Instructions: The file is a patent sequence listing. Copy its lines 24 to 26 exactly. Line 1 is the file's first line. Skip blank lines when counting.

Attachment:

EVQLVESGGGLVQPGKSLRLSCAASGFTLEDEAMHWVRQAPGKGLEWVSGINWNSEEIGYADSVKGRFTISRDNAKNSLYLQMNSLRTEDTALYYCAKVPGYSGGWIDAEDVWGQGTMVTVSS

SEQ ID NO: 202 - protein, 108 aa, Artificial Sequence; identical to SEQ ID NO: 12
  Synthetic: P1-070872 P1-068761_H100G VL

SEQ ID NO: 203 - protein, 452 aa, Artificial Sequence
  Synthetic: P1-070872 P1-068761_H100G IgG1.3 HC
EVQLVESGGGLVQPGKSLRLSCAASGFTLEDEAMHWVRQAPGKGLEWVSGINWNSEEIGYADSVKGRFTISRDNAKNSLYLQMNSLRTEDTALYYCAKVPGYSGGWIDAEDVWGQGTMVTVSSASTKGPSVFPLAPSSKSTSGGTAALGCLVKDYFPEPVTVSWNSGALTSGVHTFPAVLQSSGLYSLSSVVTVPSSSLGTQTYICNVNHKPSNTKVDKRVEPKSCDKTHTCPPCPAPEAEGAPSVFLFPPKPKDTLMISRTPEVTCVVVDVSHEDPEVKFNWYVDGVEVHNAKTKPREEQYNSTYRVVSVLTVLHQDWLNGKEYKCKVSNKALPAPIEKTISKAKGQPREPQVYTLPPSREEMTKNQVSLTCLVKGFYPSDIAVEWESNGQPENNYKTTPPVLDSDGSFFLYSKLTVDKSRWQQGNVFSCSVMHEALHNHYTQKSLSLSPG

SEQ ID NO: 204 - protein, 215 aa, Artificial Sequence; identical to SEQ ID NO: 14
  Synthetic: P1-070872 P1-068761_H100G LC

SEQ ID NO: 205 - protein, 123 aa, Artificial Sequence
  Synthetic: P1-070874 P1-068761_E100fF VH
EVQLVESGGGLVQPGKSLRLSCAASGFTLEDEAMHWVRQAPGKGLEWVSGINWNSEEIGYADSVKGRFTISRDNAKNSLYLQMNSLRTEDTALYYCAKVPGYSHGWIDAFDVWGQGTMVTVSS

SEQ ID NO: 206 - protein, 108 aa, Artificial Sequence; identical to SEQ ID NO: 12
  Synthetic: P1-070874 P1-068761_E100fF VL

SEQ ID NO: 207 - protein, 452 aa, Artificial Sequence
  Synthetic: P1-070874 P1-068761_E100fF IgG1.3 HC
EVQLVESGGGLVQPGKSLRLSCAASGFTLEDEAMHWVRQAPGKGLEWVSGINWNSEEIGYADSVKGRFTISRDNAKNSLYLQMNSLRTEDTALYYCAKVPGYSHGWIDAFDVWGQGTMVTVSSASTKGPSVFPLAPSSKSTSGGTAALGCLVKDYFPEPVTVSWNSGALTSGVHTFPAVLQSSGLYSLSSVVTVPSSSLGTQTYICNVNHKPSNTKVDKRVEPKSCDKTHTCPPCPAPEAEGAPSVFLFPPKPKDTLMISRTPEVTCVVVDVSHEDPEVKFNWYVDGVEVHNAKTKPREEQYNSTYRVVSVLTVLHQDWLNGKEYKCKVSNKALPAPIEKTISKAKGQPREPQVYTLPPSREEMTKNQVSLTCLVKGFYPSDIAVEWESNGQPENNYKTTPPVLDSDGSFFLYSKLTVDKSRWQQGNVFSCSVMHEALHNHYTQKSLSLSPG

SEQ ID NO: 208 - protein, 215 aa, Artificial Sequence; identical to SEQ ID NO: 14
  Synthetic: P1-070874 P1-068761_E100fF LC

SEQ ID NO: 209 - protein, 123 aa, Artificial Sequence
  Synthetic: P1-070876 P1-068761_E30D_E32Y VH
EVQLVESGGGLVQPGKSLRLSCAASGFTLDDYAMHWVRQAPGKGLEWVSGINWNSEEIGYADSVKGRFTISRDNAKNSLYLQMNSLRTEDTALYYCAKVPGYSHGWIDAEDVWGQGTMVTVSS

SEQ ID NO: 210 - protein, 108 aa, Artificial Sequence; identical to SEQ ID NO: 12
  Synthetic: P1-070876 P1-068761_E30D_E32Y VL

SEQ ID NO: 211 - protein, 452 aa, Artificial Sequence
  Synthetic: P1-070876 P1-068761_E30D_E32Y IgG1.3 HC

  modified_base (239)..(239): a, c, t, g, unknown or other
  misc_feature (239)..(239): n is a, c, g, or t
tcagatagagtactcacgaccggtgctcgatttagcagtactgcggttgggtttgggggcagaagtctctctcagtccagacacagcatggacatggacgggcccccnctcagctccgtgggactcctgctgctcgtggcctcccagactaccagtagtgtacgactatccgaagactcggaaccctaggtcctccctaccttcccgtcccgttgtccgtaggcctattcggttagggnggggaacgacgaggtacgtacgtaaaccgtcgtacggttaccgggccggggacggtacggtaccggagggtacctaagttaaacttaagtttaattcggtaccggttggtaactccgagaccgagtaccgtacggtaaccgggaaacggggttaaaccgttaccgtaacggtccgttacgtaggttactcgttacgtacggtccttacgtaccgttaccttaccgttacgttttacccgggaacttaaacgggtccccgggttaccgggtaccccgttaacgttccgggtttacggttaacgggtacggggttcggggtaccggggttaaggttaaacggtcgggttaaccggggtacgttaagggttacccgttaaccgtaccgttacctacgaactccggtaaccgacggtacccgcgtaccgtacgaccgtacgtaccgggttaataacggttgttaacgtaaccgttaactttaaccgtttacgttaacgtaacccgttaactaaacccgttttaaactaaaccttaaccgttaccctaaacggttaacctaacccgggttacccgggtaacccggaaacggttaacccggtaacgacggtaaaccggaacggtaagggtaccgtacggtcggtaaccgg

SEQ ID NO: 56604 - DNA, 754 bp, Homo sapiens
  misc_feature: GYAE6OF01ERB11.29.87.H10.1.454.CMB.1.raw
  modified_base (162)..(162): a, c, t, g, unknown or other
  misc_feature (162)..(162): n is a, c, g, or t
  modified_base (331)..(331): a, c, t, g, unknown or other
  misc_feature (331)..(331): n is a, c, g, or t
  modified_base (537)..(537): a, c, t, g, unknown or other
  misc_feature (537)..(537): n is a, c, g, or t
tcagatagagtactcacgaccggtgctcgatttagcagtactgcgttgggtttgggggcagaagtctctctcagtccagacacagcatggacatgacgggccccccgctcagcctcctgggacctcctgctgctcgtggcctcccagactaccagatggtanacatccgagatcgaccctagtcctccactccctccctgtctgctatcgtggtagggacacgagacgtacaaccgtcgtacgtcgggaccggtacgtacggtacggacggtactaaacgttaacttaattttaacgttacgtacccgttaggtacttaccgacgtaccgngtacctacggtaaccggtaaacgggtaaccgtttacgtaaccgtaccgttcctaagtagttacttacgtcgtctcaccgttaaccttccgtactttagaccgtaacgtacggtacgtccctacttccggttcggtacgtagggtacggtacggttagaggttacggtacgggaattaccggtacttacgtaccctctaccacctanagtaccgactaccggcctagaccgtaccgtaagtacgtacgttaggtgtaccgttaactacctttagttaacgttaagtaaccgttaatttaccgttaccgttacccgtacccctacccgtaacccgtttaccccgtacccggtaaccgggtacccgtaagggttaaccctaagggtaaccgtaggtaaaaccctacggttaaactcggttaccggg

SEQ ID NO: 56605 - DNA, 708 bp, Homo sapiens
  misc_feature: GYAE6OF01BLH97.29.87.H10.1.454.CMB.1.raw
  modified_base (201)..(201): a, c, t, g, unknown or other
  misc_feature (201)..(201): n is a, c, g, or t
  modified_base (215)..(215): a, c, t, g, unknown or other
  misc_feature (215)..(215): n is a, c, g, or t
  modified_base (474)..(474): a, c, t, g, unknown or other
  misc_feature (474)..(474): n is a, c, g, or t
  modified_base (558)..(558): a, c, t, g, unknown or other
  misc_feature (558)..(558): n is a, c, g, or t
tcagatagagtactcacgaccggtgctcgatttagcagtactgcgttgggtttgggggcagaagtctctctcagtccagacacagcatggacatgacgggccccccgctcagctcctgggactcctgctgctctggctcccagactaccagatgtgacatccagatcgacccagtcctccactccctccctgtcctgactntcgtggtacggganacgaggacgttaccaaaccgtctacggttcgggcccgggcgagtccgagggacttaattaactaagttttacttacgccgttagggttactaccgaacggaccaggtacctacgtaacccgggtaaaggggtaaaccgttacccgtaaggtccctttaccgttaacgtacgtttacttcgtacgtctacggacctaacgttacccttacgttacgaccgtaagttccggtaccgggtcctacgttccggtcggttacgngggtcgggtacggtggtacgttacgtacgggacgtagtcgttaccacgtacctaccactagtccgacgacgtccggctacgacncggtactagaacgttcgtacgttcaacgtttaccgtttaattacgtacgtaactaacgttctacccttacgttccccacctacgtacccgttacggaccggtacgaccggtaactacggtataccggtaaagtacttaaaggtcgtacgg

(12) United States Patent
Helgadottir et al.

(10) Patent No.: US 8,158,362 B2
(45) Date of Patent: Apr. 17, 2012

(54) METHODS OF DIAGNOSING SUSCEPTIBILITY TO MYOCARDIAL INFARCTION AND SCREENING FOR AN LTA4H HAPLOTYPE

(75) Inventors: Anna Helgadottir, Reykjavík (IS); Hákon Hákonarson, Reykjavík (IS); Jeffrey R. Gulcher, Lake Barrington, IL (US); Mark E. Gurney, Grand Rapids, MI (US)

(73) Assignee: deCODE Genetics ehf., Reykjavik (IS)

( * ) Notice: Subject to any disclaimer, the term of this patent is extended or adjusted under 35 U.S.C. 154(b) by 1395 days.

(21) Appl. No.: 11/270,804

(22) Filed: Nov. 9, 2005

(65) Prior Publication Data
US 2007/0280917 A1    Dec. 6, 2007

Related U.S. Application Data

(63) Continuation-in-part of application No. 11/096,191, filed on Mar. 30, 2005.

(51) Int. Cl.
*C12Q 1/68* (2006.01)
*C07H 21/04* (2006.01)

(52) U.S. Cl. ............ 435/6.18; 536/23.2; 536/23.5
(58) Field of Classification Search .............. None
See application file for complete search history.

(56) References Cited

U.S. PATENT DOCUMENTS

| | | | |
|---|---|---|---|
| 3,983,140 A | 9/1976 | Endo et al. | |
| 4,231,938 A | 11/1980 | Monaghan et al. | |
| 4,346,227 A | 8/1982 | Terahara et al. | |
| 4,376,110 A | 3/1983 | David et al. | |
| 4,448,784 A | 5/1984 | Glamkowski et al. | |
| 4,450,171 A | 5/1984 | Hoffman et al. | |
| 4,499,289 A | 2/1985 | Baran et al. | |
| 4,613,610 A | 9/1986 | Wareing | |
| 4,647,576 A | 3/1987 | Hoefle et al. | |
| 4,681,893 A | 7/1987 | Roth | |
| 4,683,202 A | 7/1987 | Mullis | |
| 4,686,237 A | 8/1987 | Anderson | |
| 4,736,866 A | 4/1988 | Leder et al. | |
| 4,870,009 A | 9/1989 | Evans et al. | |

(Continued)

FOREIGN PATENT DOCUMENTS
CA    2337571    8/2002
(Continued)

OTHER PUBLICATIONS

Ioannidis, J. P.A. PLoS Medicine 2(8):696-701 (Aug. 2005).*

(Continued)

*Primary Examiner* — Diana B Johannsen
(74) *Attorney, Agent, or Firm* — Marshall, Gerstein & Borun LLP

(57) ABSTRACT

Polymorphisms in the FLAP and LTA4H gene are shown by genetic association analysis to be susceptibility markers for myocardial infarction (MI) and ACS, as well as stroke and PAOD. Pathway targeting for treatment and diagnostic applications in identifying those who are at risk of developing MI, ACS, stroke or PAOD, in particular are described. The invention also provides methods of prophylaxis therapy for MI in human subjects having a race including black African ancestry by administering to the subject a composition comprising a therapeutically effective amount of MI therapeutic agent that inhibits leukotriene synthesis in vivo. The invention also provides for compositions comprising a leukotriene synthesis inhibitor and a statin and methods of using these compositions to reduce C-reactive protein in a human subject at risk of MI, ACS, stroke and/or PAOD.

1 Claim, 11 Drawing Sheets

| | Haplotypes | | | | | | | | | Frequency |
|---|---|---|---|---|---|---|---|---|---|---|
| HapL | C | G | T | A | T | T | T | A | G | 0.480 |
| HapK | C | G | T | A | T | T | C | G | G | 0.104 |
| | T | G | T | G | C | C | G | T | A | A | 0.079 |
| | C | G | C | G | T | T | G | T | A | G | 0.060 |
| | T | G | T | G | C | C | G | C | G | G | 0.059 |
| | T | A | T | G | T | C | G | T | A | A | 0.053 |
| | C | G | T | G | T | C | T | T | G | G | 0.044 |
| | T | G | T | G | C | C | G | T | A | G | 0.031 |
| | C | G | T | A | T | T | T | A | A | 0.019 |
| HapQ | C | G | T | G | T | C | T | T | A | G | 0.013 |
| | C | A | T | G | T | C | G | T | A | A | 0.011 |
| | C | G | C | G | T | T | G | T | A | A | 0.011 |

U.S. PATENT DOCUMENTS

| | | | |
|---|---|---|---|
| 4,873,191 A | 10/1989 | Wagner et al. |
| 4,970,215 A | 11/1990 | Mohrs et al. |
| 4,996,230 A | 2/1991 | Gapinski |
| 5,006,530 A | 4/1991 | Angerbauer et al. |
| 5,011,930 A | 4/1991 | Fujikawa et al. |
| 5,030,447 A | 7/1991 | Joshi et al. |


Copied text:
SEQ ID NO: 211 - protein, 452 aa, Artificial Sequence
  Synthetic: P1-070876 P1-068761_E30D_E32Y IgG1.3 HC

  modified_base (239)..(239): a, c, t, g, unknown or other